Your hands get clammy. Your heart is beating so loudly, you feel like everyone can hear it. You try to take deep breaths.
Whether before a big presentation, dream job interview, or another pivotal moment in your career, nerves can get the best of anyone. All that preparation seems to go out the window when your nerves start to drive.
Elite athletes find themselves in this situation all the time. It could be the biggest game or competition of their lives. They've trained and prepared for this Super Bowl game or Olympic event for years. There's no time to be nervous.
How athletes interpret nervousness.
TED speaker and leadership consultant Simon Sinek noticed that journalists would always ask pro athletes the same question before a big event.
"Are you nervous?"
And every single time, athletes had the same response: "No. I'm excited."
Sinek observed that the athletes had learned to change their mindset about nervousness. To your body, the signs of nervousness and the signs of excitement are exactly the same. So the athletes chose to embrace the excitement. "They had learned to interpret what their body was telling them not as nerves, but as excitement."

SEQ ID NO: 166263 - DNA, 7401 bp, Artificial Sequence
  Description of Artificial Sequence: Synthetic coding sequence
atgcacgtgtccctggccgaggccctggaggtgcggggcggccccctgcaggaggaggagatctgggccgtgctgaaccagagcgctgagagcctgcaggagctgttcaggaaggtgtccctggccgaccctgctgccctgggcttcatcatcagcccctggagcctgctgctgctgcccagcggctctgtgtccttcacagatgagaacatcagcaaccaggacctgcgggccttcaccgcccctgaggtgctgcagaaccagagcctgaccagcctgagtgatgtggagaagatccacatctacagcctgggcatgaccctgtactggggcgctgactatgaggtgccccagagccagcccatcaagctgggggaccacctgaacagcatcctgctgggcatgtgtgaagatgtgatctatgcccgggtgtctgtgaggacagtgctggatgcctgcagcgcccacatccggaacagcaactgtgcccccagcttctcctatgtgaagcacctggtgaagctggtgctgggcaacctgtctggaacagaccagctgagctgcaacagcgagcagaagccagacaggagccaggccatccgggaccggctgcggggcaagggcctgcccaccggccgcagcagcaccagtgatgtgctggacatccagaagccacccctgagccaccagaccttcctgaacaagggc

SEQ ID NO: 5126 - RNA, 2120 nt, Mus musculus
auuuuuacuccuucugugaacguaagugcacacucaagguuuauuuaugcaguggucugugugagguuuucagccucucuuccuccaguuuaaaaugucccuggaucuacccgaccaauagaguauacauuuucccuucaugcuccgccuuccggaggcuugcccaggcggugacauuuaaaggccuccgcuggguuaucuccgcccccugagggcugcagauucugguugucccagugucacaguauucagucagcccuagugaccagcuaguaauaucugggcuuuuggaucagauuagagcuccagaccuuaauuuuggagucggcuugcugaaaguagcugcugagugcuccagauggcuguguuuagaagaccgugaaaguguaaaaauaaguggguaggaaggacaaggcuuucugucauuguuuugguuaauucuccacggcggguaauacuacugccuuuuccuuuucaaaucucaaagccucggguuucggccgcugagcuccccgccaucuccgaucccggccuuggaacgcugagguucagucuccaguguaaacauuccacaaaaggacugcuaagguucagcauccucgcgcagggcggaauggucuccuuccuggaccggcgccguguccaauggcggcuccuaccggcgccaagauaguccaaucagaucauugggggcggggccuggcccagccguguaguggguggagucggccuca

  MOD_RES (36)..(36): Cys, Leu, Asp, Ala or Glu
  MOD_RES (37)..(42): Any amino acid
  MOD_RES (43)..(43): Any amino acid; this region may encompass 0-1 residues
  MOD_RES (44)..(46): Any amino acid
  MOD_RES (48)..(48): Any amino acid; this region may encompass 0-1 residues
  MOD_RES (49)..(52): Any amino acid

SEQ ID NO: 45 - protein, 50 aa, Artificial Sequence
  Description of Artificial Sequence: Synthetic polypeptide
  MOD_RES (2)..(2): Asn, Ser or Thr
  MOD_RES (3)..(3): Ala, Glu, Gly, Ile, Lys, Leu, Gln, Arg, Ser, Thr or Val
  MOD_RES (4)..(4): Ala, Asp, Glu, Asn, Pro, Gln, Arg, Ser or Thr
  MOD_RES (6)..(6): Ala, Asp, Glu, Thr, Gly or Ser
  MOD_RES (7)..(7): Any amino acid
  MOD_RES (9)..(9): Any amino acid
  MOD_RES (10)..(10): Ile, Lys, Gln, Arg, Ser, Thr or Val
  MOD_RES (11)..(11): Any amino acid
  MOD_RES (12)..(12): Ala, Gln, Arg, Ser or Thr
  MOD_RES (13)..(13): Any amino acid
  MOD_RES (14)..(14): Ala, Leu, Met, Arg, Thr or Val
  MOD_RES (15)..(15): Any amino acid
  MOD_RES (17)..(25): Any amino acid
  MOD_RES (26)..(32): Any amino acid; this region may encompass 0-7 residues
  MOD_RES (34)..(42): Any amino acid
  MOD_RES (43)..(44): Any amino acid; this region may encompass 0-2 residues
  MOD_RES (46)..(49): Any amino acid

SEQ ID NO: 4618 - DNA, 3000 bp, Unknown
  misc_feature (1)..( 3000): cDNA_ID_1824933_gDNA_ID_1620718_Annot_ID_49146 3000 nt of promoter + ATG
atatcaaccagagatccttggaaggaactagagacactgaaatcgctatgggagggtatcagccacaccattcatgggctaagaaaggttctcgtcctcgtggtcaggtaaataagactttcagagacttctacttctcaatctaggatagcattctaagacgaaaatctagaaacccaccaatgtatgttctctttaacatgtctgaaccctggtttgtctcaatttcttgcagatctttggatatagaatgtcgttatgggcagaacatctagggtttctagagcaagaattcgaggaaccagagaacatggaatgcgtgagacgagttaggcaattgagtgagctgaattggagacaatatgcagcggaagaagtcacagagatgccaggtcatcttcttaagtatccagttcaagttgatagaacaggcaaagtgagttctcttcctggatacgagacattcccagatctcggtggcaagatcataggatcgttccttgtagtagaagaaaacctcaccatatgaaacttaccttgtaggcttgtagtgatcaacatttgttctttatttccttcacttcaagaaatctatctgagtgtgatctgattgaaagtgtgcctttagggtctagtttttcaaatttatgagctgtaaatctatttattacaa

Changing your mindset for success.
Sinek began to try it himself. When he found himself getting nervous -- like when he had to speak before 3,000 chiefs of police -- he would try telling himself he was excited about what was ahead.
These days, to reinforce and retrain his mind, he's also looking for reasons why to be excited. He's never done this before. It will be a new experience, one that will give him an opportunity to learn some things and ultimately share what he knows.
"Change the narrative," Sinek urges. Instead of thinking 'I'm so nervous," say to yourself "This is so exciting."